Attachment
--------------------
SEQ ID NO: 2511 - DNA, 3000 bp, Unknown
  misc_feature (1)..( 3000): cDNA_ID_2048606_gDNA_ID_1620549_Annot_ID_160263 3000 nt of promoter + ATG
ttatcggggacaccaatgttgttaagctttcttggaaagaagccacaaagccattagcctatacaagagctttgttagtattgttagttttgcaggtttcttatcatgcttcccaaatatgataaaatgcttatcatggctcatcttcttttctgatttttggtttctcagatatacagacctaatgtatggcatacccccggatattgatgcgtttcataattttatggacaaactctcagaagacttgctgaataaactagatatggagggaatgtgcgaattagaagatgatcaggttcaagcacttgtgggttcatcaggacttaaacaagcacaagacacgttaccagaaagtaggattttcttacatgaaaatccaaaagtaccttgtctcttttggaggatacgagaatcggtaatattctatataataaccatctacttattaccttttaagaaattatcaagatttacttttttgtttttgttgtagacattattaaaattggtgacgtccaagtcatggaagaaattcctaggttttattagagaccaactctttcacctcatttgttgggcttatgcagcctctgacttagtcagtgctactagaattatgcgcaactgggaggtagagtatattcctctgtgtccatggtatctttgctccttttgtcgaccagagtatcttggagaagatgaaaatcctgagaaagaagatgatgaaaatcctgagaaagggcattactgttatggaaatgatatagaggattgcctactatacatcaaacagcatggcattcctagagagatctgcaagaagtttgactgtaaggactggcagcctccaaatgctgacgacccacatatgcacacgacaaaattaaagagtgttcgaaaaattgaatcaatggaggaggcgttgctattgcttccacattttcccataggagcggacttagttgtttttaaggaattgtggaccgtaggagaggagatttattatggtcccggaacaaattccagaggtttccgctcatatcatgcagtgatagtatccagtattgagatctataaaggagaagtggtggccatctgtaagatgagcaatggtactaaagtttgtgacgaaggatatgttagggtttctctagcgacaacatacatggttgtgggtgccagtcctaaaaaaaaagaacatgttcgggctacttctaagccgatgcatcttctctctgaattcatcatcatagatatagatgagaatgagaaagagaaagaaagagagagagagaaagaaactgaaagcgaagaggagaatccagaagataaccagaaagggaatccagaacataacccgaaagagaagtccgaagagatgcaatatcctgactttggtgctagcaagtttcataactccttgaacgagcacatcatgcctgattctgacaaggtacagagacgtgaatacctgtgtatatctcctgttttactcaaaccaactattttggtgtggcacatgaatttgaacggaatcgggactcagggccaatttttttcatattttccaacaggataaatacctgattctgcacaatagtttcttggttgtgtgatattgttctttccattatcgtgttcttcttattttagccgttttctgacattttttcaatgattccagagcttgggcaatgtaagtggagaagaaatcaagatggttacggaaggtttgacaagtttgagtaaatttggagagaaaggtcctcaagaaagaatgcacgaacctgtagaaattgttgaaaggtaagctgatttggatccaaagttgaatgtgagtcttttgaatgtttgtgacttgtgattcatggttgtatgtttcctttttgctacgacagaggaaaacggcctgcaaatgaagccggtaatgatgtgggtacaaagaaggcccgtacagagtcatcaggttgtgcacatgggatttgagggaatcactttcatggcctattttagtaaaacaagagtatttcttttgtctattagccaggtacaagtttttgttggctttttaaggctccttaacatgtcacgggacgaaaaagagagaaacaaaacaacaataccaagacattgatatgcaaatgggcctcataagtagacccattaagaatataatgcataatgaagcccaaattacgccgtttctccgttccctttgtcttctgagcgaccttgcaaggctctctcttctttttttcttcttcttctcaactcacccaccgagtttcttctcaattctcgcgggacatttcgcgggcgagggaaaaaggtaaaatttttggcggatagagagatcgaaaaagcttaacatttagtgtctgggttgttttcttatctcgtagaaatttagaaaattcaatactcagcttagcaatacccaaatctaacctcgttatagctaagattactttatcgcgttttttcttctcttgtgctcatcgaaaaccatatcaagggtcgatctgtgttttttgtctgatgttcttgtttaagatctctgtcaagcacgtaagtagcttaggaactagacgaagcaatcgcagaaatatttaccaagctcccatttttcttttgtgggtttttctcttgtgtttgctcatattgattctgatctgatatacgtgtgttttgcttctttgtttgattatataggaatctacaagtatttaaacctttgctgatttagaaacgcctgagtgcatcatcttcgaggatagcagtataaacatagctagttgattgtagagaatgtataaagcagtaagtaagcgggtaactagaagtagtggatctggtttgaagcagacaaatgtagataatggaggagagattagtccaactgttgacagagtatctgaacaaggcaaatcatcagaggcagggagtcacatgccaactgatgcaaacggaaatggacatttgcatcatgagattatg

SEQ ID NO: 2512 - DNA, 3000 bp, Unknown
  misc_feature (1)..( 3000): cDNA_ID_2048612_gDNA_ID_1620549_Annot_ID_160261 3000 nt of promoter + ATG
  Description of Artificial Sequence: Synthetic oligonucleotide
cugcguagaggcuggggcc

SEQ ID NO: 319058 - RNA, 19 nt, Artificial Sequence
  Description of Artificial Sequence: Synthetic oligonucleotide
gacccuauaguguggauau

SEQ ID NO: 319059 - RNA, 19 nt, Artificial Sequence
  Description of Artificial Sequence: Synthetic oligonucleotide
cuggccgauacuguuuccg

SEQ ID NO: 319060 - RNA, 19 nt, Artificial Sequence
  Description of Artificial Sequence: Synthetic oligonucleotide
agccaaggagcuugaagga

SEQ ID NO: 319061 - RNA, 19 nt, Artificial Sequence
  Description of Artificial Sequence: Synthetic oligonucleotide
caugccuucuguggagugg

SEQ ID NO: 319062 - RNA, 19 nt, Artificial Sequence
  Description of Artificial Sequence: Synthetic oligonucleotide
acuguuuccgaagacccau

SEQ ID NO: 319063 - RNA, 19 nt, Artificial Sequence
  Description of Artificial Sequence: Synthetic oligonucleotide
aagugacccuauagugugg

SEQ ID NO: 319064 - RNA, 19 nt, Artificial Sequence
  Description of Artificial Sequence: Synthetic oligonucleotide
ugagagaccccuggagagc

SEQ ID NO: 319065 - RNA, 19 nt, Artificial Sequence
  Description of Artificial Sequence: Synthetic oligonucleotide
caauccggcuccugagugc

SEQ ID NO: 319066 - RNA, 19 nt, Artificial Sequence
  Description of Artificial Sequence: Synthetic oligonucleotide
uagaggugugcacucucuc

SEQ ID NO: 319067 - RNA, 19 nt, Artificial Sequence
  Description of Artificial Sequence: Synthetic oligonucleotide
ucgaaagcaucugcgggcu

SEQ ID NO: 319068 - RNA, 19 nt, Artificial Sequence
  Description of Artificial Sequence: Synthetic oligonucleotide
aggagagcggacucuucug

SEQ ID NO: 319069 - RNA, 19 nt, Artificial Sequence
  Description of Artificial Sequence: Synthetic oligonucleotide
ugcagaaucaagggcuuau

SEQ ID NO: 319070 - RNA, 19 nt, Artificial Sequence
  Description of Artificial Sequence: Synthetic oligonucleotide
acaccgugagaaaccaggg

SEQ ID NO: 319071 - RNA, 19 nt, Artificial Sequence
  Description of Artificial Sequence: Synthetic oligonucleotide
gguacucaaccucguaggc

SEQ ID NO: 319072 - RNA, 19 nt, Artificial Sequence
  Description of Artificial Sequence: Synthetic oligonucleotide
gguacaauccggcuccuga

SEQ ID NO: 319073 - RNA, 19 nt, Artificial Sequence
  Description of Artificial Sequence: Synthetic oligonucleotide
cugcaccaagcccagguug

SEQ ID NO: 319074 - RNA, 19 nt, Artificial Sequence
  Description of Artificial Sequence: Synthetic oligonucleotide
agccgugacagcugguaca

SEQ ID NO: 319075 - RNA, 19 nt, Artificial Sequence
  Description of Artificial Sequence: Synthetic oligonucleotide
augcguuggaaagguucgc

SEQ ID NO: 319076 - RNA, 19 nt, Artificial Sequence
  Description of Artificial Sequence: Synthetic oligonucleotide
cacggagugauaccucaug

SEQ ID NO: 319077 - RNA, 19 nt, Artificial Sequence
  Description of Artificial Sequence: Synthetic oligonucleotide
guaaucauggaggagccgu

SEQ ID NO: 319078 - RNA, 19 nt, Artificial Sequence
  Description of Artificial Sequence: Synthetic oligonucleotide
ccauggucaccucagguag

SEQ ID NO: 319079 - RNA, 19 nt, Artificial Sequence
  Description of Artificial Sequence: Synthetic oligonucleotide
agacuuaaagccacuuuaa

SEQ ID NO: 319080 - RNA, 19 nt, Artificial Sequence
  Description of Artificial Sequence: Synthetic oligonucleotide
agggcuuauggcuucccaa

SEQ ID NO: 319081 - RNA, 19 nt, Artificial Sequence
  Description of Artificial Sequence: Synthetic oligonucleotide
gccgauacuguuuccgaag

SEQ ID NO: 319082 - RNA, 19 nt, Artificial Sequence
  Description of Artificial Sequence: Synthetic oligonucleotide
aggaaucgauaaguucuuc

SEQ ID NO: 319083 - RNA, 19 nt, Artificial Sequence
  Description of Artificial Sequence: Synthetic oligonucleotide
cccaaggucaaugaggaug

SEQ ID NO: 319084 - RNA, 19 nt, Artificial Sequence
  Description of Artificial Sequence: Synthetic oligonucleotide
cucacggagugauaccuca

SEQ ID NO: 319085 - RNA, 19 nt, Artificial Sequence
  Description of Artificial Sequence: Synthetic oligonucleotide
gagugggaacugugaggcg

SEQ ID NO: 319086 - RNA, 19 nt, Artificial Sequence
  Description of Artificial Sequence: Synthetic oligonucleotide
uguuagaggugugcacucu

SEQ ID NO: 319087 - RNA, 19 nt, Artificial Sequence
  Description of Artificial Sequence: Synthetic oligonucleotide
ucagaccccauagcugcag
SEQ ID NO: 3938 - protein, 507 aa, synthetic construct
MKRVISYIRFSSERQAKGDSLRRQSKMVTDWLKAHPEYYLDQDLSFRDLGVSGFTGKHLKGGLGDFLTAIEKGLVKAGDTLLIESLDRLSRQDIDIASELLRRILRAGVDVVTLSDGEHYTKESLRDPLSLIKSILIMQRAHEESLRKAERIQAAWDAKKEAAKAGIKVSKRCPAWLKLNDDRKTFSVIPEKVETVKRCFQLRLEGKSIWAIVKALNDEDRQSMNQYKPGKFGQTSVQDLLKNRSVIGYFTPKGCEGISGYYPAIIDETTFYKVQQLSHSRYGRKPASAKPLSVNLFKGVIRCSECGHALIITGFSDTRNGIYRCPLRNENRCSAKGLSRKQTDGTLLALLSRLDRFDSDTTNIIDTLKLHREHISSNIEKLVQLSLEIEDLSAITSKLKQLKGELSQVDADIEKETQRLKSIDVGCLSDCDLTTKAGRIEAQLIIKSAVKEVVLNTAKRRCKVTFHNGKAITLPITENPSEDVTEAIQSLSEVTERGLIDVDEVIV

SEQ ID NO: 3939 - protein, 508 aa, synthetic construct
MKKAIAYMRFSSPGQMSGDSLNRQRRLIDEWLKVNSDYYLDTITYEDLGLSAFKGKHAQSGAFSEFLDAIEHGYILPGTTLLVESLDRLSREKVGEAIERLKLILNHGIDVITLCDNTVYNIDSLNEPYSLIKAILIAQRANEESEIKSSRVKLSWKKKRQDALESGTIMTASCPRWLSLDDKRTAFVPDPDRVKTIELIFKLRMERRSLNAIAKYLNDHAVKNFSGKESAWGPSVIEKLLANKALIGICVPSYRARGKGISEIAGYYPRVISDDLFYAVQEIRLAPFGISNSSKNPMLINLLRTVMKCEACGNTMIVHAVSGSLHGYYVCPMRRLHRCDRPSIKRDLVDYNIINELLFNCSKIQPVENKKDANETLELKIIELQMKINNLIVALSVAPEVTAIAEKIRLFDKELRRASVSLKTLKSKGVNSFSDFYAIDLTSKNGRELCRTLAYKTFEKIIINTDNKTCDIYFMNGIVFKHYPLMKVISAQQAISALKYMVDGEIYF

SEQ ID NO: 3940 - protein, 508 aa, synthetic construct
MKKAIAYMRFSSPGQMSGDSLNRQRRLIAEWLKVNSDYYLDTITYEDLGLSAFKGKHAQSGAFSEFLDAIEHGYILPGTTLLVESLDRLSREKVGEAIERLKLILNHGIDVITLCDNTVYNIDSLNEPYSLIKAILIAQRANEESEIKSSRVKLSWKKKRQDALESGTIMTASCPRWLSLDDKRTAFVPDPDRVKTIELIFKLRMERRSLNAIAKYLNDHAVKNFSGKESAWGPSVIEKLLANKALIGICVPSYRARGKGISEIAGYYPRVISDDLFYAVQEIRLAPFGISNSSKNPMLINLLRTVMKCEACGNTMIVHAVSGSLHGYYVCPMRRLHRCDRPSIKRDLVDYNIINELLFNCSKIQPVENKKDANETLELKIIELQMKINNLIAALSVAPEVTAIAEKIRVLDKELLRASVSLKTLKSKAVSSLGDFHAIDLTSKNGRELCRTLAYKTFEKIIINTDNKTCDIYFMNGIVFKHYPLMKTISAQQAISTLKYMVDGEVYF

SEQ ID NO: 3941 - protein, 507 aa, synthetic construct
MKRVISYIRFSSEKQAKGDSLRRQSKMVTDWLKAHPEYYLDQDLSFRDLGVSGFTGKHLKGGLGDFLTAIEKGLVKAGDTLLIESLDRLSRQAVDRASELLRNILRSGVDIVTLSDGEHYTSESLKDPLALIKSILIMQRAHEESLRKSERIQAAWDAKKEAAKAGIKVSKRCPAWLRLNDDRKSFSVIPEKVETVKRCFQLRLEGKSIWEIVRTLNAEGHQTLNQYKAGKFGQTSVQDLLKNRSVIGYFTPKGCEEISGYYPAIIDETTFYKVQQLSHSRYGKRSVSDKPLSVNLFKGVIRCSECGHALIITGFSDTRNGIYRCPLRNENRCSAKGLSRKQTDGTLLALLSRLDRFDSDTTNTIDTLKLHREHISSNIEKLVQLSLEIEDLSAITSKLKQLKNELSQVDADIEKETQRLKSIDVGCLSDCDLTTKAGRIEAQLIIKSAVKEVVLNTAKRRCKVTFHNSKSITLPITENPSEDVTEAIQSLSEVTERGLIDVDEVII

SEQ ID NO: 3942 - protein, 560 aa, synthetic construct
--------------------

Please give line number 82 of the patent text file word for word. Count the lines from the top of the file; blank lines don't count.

aggaaucgauaaguucuuc